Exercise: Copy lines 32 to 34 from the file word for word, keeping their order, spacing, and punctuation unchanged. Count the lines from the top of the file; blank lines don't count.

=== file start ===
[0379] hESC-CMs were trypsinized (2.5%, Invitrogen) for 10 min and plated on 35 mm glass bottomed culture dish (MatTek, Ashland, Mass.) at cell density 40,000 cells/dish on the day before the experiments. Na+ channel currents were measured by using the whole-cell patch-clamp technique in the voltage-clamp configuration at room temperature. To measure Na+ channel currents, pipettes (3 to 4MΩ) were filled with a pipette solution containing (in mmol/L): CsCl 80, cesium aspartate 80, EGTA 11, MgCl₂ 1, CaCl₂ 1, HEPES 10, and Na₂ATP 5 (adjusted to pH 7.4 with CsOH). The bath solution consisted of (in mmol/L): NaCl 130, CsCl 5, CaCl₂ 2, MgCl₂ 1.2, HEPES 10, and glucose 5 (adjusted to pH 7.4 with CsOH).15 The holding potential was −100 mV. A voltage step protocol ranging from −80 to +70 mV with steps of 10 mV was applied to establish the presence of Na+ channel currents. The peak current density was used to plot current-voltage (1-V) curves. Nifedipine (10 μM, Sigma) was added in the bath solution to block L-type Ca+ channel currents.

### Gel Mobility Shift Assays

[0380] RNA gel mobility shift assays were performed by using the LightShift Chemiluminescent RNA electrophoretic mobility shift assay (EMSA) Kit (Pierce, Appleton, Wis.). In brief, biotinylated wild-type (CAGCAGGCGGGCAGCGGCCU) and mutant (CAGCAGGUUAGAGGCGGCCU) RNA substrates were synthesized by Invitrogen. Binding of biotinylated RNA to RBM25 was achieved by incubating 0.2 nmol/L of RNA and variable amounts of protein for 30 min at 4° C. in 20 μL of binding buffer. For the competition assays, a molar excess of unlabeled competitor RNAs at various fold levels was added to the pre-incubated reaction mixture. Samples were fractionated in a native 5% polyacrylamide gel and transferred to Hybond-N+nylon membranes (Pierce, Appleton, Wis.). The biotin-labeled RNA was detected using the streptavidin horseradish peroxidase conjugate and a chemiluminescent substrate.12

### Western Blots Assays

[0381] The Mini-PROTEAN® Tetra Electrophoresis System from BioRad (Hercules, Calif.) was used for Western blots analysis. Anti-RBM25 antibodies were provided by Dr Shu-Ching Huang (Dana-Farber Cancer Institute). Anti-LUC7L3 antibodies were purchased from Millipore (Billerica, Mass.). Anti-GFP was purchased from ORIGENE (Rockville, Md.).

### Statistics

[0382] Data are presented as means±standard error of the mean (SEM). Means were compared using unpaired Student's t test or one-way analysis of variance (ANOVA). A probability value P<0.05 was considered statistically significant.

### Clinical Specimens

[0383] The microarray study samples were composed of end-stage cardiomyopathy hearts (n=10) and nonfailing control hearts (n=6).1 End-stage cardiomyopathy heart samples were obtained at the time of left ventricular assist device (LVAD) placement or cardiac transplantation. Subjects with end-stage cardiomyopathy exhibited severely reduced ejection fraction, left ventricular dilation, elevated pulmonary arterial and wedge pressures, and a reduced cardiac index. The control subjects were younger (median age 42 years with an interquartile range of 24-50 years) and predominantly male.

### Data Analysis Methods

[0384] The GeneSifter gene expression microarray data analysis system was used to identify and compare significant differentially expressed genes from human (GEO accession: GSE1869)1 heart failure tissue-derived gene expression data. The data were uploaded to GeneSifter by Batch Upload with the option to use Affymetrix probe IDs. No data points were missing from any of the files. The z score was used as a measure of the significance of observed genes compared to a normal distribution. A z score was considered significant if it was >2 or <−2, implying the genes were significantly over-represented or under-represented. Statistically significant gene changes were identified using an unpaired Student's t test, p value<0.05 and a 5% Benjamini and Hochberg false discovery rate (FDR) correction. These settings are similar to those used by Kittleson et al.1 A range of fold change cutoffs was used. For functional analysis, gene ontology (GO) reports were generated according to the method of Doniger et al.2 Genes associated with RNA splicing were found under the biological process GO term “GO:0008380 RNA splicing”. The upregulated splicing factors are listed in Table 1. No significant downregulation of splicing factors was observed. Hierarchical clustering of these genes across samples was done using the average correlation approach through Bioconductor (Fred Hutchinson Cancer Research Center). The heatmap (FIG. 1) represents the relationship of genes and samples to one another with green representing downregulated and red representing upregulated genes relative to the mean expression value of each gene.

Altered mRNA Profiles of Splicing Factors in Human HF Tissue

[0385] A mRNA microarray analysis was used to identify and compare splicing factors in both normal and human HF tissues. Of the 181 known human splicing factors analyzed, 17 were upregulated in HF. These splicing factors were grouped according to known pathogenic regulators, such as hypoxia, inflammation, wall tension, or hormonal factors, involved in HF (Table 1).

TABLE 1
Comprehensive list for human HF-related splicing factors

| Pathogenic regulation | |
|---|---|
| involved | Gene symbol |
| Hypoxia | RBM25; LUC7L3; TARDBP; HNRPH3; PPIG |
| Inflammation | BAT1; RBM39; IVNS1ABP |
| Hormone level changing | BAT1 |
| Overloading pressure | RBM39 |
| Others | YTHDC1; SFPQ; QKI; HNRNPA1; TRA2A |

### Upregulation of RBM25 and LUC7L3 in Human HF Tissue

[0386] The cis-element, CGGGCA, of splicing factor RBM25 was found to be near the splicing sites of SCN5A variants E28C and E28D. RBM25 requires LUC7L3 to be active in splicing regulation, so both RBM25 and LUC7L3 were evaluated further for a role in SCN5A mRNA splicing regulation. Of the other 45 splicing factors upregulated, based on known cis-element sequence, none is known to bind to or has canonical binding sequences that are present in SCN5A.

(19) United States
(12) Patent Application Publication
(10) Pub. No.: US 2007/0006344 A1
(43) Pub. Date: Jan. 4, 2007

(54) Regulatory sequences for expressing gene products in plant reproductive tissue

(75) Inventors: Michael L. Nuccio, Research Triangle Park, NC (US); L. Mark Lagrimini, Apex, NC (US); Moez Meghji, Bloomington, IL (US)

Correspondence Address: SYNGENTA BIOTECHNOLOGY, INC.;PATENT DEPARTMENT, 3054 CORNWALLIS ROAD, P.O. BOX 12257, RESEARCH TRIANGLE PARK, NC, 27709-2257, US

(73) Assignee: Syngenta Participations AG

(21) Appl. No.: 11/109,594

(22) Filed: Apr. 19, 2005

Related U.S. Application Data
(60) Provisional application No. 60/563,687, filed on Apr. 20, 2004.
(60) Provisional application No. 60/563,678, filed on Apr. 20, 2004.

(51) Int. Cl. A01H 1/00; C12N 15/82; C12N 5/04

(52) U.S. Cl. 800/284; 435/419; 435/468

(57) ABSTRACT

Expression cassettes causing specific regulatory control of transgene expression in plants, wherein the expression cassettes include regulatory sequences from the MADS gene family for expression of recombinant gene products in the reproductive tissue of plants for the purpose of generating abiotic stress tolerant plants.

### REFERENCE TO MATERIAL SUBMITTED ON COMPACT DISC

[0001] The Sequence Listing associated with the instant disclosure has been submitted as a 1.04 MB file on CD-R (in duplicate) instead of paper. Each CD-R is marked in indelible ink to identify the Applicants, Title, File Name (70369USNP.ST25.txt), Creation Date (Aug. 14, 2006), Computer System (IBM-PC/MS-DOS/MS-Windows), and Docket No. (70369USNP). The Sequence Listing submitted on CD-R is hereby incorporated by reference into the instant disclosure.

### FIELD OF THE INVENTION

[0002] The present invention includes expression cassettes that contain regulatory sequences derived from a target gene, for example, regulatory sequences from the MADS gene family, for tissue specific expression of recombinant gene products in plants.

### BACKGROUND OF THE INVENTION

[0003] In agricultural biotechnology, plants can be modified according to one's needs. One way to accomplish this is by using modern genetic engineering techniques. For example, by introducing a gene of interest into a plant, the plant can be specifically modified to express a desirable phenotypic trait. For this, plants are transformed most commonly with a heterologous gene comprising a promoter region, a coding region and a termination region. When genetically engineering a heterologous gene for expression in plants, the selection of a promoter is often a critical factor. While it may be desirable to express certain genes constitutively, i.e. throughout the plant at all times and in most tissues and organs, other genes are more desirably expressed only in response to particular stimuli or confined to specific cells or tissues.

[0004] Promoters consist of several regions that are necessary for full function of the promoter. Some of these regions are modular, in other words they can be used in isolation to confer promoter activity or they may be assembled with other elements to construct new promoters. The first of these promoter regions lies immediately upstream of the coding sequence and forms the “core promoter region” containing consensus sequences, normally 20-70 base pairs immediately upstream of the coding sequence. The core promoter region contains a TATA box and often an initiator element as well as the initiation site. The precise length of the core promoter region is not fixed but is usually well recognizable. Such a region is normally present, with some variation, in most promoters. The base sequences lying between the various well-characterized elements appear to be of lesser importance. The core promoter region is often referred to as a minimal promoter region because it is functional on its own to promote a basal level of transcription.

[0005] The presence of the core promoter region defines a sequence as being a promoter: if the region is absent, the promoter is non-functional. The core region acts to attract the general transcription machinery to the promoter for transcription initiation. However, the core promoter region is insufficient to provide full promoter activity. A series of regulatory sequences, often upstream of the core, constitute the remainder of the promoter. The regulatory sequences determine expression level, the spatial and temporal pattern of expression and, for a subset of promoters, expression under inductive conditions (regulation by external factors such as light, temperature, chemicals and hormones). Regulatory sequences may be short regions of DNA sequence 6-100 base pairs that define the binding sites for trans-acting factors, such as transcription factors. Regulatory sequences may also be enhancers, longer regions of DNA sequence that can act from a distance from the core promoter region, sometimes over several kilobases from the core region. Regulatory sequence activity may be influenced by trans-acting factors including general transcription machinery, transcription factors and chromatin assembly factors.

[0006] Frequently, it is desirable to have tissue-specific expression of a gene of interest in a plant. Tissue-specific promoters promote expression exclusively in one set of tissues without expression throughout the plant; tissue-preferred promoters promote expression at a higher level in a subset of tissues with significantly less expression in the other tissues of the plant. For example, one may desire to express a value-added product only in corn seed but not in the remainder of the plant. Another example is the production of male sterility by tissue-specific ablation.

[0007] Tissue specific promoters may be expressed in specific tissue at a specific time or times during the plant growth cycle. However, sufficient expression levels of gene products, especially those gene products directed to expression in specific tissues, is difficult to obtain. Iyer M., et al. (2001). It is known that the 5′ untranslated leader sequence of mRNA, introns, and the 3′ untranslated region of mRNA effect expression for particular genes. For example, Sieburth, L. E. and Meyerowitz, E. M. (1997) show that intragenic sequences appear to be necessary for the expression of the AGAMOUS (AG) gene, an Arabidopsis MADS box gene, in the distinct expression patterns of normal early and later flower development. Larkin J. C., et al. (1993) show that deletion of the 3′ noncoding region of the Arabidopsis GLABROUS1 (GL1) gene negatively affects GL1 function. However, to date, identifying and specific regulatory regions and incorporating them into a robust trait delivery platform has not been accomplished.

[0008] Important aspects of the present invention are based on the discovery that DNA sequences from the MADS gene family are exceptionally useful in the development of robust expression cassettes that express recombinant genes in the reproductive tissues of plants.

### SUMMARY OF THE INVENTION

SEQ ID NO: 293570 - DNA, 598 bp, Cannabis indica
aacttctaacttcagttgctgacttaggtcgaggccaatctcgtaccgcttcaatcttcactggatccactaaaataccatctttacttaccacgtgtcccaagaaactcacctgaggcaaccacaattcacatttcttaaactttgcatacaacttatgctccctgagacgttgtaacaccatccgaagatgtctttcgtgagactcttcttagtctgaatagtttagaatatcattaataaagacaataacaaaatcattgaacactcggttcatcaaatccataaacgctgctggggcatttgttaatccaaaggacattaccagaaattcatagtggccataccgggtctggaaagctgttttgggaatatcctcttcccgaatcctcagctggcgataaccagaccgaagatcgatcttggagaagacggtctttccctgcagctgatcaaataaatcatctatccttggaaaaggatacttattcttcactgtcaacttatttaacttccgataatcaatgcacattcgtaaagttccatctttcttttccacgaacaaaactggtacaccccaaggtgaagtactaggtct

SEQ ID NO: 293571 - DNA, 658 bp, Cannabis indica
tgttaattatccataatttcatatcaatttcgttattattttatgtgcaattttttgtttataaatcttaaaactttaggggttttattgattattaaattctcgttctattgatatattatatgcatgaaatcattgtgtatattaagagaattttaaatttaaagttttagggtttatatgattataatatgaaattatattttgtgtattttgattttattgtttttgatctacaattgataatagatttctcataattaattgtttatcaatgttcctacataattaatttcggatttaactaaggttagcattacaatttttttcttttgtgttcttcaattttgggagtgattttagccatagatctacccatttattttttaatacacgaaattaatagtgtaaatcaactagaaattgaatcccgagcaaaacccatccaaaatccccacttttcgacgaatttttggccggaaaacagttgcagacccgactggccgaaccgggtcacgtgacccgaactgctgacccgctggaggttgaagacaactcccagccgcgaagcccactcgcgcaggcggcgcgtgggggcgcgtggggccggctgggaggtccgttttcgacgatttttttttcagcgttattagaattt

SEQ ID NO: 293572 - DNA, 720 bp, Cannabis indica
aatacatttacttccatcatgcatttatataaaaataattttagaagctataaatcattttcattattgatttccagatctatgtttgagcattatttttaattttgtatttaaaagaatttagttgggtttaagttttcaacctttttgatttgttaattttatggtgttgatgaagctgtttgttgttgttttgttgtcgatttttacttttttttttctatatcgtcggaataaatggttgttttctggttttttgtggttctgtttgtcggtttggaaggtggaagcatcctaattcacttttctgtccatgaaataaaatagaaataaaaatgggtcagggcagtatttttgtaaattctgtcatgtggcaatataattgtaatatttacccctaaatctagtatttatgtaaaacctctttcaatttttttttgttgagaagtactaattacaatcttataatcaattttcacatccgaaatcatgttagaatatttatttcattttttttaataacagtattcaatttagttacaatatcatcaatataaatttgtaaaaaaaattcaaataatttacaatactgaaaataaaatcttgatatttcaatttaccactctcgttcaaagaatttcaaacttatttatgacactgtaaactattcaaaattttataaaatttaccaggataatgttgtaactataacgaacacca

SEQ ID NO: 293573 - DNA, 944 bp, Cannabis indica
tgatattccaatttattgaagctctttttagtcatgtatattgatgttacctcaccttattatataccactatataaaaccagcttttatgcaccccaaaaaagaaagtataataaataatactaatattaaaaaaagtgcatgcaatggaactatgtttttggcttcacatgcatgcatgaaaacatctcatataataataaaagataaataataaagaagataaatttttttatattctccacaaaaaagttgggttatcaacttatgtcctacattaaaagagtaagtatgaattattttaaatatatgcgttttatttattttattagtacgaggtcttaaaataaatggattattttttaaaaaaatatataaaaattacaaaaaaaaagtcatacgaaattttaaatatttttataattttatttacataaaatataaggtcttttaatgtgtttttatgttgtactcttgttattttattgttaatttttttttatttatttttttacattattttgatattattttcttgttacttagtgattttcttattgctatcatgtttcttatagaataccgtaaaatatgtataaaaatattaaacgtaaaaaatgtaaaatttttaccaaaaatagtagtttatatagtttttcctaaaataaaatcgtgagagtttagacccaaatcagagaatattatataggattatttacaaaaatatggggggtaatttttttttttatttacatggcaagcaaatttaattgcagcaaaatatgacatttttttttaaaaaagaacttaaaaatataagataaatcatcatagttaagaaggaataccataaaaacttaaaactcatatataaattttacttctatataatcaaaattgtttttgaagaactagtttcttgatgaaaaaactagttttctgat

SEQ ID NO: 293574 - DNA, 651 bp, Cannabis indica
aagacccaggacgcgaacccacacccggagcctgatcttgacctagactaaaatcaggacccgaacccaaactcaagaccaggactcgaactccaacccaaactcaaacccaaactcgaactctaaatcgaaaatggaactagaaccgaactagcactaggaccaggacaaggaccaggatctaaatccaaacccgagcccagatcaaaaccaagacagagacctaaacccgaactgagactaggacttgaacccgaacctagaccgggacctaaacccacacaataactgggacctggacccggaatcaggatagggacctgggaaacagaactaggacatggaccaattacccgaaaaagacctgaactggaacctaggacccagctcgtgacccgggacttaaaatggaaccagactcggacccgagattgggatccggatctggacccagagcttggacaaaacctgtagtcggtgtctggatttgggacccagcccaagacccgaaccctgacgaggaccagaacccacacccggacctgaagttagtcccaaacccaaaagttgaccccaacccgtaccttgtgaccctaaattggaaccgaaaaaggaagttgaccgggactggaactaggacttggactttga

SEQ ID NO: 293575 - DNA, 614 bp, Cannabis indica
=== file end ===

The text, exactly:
Correspondence Address: SYNGENTA BIOTECHNOLOGY, INC.;PATENT DEPARTMENT, 3054 CORNWALLIS ROAD, P.O. BOX 12257, RESEARCH TRIANGLE PARK, NC, 27709-2257, US

(73) Assignee: Syngenta Participations AG

(21) Appl. No.: 11/109,594